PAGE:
A new report from J.P. Morgan Asset Management suggests that a number of states will likely struggle to keep up with their pension and retiree healthcare obligations during the coronavirus pandemic and economic downturn. According to the report, Illinois, New Jersey, Hawaii, Connecticut and Kentucky will face the biggest immediate pressures.
J.P. Morgan’s Michael Cembalest has published a series of reports featuring his IPOD ratio which measures interest expenses, pension contributions, other post-employment benefits (OPEB) contributions, and defined contribution costs as a percentage of a state’s own source of revenues. Cembalest’s ratio is not based on actual pension and OPEB contributions, but rather those that would be actuarially required, assuming a 6 percent discount rate and 30-year level dollar amortization of unfunded liabilities. Essentially, his IPOD ratio estimates the cost burden of paying interest on debt and sustainably funding retirement costs.
In his latest analysis, Cembalest estimates the IPOD ratio for the next fiscal year while also taking into account projected tax revenue declines triggered by the economic downturn. The report finds that about one-third of US states have projected IPOD ratios of 15 percent or more of their total revenue, while the worst five states exceed 30 percent.
In my research on Great Depression government defaults, I found that governments typically defaulted after their interest to revenue ratio rose above 30 percent. I observed this ratio in Arkansas, the Canadian province of Alberta and the Australian state of New South Wales ahead of their respective bond defaults.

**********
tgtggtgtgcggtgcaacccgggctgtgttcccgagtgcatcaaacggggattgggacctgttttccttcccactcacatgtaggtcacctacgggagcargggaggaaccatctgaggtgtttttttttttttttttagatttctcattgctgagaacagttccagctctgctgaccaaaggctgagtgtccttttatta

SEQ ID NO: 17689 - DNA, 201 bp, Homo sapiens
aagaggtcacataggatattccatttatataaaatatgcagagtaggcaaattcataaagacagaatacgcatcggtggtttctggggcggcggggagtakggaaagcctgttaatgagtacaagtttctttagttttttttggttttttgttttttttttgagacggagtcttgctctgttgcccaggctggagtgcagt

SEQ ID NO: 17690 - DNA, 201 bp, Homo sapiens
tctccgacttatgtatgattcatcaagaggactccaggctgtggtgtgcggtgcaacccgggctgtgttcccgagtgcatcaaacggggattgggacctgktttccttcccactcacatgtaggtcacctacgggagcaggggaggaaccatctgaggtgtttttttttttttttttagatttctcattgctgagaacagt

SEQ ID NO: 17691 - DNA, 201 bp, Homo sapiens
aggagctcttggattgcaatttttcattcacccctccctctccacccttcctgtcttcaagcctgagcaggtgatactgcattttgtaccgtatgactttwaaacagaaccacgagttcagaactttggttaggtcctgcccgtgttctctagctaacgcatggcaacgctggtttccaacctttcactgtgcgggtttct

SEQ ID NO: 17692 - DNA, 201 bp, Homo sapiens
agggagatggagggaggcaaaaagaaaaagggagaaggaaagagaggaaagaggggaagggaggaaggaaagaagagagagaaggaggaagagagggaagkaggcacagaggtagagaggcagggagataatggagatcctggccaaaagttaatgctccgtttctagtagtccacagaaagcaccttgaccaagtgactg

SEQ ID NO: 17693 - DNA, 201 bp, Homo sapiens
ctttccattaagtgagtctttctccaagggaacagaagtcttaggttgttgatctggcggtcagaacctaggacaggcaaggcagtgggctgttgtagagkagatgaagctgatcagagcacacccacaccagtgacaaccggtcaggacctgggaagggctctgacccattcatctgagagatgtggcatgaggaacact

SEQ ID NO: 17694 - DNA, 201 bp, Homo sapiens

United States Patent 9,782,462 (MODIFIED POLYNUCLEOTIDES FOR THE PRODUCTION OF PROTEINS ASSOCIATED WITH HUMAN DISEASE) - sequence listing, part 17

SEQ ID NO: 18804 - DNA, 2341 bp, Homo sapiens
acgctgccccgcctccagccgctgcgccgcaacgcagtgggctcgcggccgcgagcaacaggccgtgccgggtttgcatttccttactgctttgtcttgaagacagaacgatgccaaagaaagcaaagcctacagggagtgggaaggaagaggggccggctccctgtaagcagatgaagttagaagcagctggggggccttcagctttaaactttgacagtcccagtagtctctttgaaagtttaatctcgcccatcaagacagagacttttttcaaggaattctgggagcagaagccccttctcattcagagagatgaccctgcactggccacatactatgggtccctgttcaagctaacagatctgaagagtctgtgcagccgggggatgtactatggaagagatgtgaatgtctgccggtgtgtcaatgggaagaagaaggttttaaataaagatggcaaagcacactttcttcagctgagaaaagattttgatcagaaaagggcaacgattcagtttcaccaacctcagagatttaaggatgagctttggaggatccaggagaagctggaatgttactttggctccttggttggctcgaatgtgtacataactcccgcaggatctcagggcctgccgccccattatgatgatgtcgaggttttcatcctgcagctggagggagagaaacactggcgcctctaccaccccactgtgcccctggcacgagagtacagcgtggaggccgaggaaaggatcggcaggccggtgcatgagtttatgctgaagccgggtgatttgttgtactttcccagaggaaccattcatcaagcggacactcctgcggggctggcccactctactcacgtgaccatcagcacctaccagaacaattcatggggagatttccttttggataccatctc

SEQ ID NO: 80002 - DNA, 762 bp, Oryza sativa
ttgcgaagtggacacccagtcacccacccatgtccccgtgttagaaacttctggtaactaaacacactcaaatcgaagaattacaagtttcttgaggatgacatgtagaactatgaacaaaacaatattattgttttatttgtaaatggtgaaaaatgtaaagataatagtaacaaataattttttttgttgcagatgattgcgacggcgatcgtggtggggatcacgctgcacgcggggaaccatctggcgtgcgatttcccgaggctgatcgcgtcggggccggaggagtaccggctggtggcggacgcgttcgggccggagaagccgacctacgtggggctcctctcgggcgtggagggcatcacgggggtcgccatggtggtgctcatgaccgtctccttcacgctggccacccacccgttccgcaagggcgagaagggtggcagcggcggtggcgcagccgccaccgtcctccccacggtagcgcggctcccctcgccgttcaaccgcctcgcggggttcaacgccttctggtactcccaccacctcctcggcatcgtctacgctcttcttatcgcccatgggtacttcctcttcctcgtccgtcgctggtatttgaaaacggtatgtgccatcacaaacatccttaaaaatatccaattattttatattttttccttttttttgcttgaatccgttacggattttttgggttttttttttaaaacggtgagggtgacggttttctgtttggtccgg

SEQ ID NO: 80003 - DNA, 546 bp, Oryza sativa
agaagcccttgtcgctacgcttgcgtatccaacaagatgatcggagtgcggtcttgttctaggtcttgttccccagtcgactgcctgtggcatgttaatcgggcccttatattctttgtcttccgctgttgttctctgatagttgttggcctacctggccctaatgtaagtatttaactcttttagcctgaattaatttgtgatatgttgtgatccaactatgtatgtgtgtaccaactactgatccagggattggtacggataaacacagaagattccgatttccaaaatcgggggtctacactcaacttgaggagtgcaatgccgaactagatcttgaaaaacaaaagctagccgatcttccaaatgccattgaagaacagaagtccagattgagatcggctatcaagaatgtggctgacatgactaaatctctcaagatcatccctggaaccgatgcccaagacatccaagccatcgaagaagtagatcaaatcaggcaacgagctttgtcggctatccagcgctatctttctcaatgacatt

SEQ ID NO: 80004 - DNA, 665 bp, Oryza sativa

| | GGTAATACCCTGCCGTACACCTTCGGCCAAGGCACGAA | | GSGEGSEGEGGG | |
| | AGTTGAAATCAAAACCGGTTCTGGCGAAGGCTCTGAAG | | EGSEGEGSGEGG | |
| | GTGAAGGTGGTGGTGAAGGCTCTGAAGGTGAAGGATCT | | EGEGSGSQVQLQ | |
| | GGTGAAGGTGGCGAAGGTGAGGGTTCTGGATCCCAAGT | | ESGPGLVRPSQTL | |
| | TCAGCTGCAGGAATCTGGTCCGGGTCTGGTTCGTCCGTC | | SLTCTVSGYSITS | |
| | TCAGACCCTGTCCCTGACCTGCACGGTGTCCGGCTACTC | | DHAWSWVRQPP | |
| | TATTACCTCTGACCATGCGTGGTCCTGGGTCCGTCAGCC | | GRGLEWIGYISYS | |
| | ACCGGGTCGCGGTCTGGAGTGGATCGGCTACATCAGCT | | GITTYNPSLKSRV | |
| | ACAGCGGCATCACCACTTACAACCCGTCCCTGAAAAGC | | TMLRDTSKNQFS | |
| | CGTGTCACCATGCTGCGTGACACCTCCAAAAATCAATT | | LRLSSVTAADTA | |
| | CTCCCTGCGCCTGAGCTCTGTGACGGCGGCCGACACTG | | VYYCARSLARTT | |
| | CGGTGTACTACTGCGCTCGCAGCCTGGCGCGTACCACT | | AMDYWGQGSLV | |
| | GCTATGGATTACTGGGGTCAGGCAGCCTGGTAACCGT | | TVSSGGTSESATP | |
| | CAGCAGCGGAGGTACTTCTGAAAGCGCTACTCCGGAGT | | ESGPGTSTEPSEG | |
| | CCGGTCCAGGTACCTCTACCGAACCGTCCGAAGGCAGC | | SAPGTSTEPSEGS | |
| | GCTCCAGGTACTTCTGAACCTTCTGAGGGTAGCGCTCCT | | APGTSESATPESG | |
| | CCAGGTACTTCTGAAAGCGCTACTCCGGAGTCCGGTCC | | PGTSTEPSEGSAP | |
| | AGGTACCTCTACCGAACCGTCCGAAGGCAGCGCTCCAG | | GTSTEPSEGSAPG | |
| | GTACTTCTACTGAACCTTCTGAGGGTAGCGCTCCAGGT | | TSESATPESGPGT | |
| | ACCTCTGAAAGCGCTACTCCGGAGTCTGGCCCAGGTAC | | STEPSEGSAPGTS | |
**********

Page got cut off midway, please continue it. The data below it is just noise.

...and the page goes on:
Back in the 1930s, public pensions were not a significant factor to state budgets and OPEBs were unheard of, so it is reasonable to think of the IPOD ratio as a modern-day equivalent to the interest to revenue ratio. But in today’s context, an outright default on bonded debt service, like we saw in Puerto Rico recently, seems unlikely. Instead, states can implicitly default by continuing their practice of underfunding their pension and OPEB plans.
Of the five states with the highest IPOD ratios, two— Illinois (at 58 percent) and New Jersey (47 percent— receive the most negative ink in the public finance press. Two other states— Connecticut (39 percent) and Kentucky (33 percent)—are also high on the radar screens of people monitoring public pension systems. But the third most vulnerable state by this IPOD measure— Hawaii (42 percent)—receives less attention perhaps because it carries high credit ratings. All three major credit rating agencies rate Hawaii just one notch below their top AAA/Aaa rating.
Yet, Hawaii has been struggling with severe pension underfunding. The Employees’ Retirement System of Hawaii (ERS), which serves both state and local employees, had a funded ratio of just 55 percent as of June 30, 2019, according to the most recent actuarial valuation. This year’s stock market downturn is likely to exacerbate ERS’ severe underfunding.
The state’s most recent Comprehensive Annual Financial Report shows a $6.8 billion unfunded pension liability based on a 7 percent discount rate, as well as a $7 billion OPEB liability using the same discount rate assumption. Although Hawaii makes an effort to prefund its OPEB benefits, unlike other states, its OPEB assets amount to just 12 percent of its actuarial liabilities.
Hawaii’s IPOD ratio is also more likely to spike during the pandemic because of its dependence on tourism. Visitor expenditures accounted for 17 percent of Hawaii’s gross state product in 2019. Today, tourism is essentially halted, as the state requires arriving non-Hawaiian passengers to quarantine for 14 days. Even once the quarantine order is lifted, tourism is expected to come back gradually, as many prospective visitors may remain reluctant to fly. The overall result of the pandemic and downturn will almost certainly be severely depressed tourism and tax revenues for Hawaii.
Like other states with high IPOD ratios, Hawaii shouldn’t rely on the prospect of federal aid to fix its problems with retirement benefit sustainability. Now is the time to start considering policies to increase the resilience of public employee retirement benefit plans.